When birthdays come around, birthday gifts are given to the birthday child and others are jealous. When a pet dies, children grieve. When a play date cannot happen, a child is disappointed. When an obstacle is faced, bravery is summoned. Children can be joyful, happy or downright elated. When one child has a friend over and the sibling does not, one is happy, but the other is resentful. How can we bring up children and handle all their emotions if we can’t label what emotions they are having? The answer is – we can’t. It is important for all parents to learn a vocabulary of emotion.
When our children have an emotion, part of how they learn to deal with it is learning what it is. When children are in an emotional state they don’t know if it will last forever or go away shortly. A feeling can be negative or positive. Kids may want joyful emotions to last forever. On the other hand, sad emotions feel like they will last forever. In either case, emotions are learning opportunities. To teach about emotion parents need to label it for the child. These are new experiences for them. After a label, a parent can relate an experience with that emotion. “I was disappointed last week when daddy had to work late and we couldn’t go out to dinner. Remember?” This shows the child that you have been there – and survived the emotion. Then the child should be allowed to get over their emotion – to have it, own it and learn how to resolve it. It is not the parent’s job to get the child out of the emotion. The child will only learn to get things by using the emotion another time.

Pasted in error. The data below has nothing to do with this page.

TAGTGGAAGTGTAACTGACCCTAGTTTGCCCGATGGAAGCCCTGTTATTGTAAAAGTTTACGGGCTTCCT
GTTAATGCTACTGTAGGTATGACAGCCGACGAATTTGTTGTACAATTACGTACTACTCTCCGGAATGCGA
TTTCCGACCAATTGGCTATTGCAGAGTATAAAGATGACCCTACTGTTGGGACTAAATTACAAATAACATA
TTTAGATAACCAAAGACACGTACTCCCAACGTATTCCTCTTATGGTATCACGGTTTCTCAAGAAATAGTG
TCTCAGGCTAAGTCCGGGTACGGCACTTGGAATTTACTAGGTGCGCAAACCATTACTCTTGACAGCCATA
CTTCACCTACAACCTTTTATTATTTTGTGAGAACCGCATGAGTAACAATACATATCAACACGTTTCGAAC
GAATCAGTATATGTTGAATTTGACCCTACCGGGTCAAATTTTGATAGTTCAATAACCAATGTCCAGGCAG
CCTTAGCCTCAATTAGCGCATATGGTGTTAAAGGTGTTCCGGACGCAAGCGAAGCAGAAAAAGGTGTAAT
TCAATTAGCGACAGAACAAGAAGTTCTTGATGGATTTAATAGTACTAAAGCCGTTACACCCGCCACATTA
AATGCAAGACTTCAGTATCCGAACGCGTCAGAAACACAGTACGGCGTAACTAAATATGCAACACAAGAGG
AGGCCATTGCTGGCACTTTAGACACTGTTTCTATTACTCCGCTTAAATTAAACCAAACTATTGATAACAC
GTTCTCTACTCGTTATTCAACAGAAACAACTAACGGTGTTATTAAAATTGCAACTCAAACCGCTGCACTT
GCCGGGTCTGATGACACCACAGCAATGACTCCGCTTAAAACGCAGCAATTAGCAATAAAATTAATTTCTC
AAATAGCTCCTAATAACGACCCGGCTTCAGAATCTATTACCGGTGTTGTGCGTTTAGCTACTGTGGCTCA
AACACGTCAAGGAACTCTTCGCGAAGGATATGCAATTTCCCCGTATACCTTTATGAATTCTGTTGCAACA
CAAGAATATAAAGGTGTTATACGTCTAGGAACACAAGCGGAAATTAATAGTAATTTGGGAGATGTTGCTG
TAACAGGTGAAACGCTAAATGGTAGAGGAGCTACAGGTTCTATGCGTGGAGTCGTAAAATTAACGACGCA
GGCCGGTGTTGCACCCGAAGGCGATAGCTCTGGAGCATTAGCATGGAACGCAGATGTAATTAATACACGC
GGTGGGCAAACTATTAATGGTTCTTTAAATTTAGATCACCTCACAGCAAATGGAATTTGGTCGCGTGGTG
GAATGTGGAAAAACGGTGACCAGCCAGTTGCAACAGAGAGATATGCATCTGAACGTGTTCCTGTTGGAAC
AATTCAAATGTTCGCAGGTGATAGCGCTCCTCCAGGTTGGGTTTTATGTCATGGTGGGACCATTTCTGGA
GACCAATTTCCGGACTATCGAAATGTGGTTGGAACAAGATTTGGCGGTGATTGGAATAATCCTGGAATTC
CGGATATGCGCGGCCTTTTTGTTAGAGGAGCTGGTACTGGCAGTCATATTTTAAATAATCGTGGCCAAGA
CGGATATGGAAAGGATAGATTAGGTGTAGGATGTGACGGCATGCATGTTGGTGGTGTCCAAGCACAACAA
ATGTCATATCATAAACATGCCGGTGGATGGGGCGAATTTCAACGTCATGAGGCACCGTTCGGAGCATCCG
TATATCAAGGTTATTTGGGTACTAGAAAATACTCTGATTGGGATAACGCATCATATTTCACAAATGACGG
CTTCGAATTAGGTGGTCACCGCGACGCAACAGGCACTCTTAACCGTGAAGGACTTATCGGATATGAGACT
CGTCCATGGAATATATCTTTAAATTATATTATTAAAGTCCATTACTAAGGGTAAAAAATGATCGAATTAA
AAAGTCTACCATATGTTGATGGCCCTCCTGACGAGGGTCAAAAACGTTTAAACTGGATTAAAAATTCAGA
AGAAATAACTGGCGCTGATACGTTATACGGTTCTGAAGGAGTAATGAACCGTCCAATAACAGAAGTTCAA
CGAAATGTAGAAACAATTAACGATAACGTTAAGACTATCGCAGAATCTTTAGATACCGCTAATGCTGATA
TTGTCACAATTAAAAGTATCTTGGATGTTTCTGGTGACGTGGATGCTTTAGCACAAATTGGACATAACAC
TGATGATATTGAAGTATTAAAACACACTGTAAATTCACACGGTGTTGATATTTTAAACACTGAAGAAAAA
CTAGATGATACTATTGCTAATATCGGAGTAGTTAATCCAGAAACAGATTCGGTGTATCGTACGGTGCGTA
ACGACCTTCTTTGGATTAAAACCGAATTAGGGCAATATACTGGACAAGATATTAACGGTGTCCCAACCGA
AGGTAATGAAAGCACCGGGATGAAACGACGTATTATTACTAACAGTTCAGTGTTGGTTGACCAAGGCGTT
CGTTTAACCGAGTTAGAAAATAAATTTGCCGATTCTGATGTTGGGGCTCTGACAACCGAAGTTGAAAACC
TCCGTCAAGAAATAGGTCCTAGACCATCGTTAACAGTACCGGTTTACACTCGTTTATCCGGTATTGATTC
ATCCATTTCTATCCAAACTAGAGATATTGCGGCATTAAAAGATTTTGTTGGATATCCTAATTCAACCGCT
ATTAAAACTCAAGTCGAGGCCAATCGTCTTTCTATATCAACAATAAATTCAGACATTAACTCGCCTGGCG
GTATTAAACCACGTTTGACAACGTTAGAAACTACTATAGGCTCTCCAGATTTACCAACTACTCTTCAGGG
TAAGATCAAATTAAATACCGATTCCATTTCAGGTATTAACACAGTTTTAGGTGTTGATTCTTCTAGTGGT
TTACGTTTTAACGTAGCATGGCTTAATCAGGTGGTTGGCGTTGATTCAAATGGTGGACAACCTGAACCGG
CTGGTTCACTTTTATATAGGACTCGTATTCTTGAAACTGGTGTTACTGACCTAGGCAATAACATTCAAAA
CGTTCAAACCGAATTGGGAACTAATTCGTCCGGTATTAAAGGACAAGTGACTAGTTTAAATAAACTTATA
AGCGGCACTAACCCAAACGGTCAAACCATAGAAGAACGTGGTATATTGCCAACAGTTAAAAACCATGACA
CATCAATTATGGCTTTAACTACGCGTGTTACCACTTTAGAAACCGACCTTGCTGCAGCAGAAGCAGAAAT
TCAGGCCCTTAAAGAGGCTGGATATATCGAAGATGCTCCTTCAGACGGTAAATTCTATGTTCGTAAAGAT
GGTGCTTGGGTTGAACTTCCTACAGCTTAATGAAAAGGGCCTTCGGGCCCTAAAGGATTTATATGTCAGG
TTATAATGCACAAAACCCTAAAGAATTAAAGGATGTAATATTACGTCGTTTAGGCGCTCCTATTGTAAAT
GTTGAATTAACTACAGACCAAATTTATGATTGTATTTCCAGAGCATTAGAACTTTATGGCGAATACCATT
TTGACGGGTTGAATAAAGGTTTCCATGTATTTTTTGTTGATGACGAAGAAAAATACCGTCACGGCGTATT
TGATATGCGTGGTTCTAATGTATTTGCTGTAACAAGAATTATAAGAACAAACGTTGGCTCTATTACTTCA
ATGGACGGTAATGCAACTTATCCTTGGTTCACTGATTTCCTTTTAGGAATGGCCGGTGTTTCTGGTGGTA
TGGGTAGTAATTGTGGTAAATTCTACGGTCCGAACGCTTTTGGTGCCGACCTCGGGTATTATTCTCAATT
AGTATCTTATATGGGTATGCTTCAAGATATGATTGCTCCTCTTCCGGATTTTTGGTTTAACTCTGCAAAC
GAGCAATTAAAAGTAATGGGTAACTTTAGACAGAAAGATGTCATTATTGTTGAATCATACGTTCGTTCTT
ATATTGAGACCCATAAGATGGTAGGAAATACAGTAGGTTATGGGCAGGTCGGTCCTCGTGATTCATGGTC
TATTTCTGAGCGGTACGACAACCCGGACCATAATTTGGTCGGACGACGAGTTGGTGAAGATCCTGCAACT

So, how does a parent learn a vocabulary of emotion? Let’s start with these words: Happy, sad, angry, disappointed, depressed, enraged, surprised, embarrassed, scared, brave, aggressive, defensive, elated, lonely, jealous, resentful, frustrated, mourning, sorry, pensive, love, hate, proud. This is a start. Learn these words and what they mean. More importantly, notice when your child experiences the emotion and label it for them. “It seems you are jealous that you didn’t get a present. We all get jealous at times.” Then let your child experience the emotion. I am convinced that we are doing more harm to children by robbing them of their emotional experiences than we would do by labeling the experience and letting them own it. When children grow having emotions and understanding them, they become more stable young adults. If children grow up in families that deny emotion or avoid dealing with emotion, kids become confused by emotion well into adulthood. Take the first step in helping your kids. Label their emotion and show some understanding of it- they will thank you when they become a mature adult.